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The Workers Behind Kasli Cast Iron Sculpture

Molding of an Artistic Casting at Kasli Iron Works, photo by Sergei Prokudin-Gorskii
Molding of an Artistic Casting | Sergei Prokudin-Gorskii (1910)

Taken in 1909 by Sergei Prokudin-Gorskii, this image—Molding of an Artistic Casting—depicts men working at the Kasli Iron Works Factory. The town of Kasli—in present day Chelyabinsk Oblast—is located in the Ural Mountain region about 100 miles from the border of Kazakhstan. Many factories can be found in this region as it was well known for its iron ore deposits. Kasli’s cast iron works were renowned for their artistry throughout the 20th and late 19th centuries. The factory was one of the few in this region that was kept operational by the Soviets when they took power and it is still in use today. Items from the factory were first displayed internationally at the 1867 Paris exposition and would continue to be presented at many domestic and international expositions. In 1900, works from the Kasli factory won the grand prize at the Paris exposition for its cast iron pavilion.

In the image, the foreground figure can be seen cleaning a cast object that has been created through precision casting—also known as lost wax casting. This method of casting metal dates to ancient Mesopotamia. The process uses a wax model of the desired metal form around which layers of sand and ceramic glazes create a mold. The wax is melted out of the mold. This step gives the casting process its name as the wax model is lost in the mold’s creation. Metal is then poured into the ceramic mold to create the item. This method of casting produces high quality metal artifacts with smooth finishes and allows for intricate details in the design. An open mold with a wax model sitting inside can be seen on the table next to the main figure. A second man wearing a hat sits working next the first figure and the legs and hand of a third figure can be seen on the left hand side of the image.       

At the time of this image, the Kasli factory employed a highly skilled workforce numbering over three thousand workers. The factory produced high quality artistic and architectural cast iron pieces. The workers were master craftsmen whose skill had been cultivated over generations since 1747 when the foundry was established. These artisans passed their knowledge down to younger generations just as they had learned from those before them. (Heller, p.53-55) The appearance of Kasli works at international exhibits came six years after the Emancipation Manifesto in 1861. The new—if limited—freedom from the emancipation would have allowed for an increase in peasants moving to skilled factory work rather than farming. The success of Kasli’s cast iron works at the 1900 exhibition also align with social and economic changes in Russia. This international recognition of artistic excellence came near the end of the ‘Witte era’ with the promotion of domestic industries and industrial growth. Government policies under the Minister of Finance Sergei Witte would have been beneficial for factories such as Kasli Iron Works in increasing production and international recognition.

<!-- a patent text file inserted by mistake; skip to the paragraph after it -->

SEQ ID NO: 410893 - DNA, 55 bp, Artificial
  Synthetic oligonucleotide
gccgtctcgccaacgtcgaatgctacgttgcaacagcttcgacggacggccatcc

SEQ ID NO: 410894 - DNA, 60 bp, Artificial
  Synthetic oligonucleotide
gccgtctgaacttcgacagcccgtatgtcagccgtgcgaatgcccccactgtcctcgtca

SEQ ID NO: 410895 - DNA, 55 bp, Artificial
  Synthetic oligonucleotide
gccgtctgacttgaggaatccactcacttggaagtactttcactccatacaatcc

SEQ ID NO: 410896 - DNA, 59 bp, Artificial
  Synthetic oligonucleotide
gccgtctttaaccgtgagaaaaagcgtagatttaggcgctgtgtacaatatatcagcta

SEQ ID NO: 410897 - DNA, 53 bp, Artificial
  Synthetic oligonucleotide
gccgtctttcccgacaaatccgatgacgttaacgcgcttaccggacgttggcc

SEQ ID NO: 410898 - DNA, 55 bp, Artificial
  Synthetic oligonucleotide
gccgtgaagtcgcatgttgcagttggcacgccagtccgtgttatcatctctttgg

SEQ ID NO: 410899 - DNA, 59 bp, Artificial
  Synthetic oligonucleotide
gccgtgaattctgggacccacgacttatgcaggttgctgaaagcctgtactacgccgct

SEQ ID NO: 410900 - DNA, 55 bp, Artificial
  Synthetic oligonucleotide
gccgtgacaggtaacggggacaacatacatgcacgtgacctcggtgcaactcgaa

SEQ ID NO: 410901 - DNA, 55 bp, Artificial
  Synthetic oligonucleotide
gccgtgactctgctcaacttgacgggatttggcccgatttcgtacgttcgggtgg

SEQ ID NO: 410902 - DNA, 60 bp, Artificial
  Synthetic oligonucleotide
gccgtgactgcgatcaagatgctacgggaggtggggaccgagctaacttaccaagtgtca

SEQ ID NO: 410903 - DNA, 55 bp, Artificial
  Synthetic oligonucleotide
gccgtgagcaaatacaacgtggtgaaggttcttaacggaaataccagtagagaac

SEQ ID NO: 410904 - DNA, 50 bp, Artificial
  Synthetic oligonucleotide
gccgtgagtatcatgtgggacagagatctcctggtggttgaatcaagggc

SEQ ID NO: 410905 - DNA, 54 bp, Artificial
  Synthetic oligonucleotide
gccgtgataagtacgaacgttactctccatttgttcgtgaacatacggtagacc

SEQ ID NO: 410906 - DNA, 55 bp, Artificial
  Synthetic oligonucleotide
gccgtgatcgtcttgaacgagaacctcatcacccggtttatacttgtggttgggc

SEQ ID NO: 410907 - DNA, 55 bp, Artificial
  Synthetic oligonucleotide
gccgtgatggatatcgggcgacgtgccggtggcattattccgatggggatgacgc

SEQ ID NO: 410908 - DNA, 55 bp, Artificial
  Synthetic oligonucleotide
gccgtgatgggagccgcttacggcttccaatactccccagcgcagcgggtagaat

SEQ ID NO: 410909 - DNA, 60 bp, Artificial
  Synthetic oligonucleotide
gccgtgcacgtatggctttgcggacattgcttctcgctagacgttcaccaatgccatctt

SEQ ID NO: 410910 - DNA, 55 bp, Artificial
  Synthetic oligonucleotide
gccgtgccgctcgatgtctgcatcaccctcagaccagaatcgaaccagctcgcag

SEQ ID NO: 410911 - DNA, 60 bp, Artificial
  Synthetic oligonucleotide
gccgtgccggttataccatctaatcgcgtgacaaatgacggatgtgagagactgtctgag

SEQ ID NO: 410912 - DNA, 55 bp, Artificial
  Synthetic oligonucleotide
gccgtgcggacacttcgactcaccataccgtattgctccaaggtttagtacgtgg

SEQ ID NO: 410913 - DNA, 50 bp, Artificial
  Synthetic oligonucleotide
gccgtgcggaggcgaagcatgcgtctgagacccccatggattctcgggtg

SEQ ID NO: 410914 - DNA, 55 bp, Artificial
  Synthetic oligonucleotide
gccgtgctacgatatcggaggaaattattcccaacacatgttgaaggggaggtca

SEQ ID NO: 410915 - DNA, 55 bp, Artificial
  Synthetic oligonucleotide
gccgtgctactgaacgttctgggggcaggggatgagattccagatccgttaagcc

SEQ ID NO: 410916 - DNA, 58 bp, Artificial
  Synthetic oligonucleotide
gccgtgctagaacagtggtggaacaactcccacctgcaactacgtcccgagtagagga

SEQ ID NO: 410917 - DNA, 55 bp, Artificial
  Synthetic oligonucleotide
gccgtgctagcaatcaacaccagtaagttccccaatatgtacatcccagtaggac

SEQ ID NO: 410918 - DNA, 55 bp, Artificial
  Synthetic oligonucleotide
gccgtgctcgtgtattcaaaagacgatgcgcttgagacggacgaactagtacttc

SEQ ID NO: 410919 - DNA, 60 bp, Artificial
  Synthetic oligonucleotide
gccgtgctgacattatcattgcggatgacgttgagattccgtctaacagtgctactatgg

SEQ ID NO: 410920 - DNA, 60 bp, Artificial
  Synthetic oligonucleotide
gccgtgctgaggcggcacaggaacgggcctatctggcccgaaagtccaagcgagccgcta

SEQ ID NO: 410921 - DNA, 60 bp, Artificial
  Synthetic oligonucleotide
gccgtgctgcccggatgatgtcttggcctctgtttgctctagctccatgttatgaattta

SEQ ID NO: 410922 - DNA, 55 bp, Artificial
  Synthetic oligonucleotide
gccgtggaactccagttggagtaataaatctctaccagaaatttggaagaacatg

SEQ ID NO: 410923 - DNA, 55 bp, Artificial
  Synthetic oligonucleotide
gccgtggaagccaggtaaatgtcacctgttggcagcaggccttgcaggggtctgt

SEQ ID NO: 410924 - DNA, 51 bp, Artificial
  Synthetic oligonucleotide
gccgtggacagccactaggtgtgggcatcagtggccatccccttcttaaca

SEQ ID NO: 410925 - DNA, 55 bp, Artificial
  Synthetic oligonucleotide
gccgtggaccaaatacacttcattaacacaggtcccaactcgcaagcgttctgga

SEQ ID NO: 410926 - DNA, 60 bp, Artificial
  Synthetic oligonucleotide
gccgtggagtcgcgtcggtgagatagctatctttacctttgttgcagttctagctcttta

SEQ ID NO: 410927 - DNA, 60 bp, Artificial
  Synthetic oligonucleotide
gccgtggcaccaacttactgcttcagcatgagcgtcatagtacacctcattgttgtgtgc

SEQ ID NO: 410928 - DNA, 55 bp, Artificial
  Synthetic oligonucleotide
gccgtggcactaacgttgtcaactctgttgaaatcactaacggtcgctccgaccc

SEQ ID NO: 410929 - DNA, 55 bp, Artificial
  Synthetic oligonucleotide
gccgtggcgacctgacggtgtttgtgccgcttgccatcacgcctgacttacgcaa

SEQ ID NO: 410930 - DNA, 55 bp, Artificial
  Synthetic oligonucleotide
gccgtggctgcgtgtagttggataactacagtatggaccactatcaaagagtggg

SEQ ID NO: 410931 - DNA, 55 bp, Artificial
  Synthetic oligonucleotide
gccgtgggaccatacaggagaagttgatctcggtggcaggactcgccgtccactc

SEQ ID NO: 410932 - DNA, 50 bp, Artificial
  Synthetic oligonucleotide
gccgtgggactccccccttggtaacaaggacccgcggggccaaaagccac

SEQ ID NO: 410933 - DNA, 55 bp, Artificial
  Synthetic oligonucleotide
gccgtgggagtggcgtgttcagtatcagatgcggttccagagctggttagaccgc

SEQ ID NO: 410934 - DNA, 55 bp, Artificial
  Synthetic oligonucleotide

Old Woman at the Spinning Wheel by Vasilii Torokin
“Old Woman at the Spinning Wheel” | Vasilii Fedorovich Torokin

Molding of an Artistic Casting is a fascinating image as it shows highly skilled labor and artistic expression at a time of industrialization and social unrest. In most western countries, increased industrialization led to the decrease in skilled labor jobs; however, the Kasli factory was able to flourish while maintaining traditional techniques during periods of industrialization in Russia. Some artists of the Kasli factory, such as Vasilii Fedorovich Torokin, were cognizant of the social injustices in Russian society and used their craft to express these views—often through the depiction of the peasant class. (Mezenin) An example of this is Torokin’s sculpture “Old Woman at the Spinning Wheel.” At the time, Torokin’s work was remarked upon as having “democratic tendencies.” (Mezenin) Prokudin-Gorskii’s photograph gives a glimpse into the techniques of the Kasli Iron Works factory and allows the viewer an understanding of the lives of the people who worked there.


Castings made by Kasli masters, using their own models. (n.d.). Retrieved from

Freeze, G. L. (2009). Russia: a history (Third). Oxford: Oxford University Press.

Heller, A. A. (2010). Industrial Revival in Soviet Russia. Place of publication not identified: Nabu Press.

Mezenin, N. (1979). Wonders of Kasli. Metallurgist23(6), 425–427.

Mikhaĭlovich, S. (1970, January 1). Formovka khudozhestvennago litīi︠a︡. [Kasli]. Retrieved from

Precision Casting. (n.d.). Retrieved from

Prokudin-Gorskii. (1970, January 1). Molding of an Artistic Casting. Kasli Iron Works. Retrieved from

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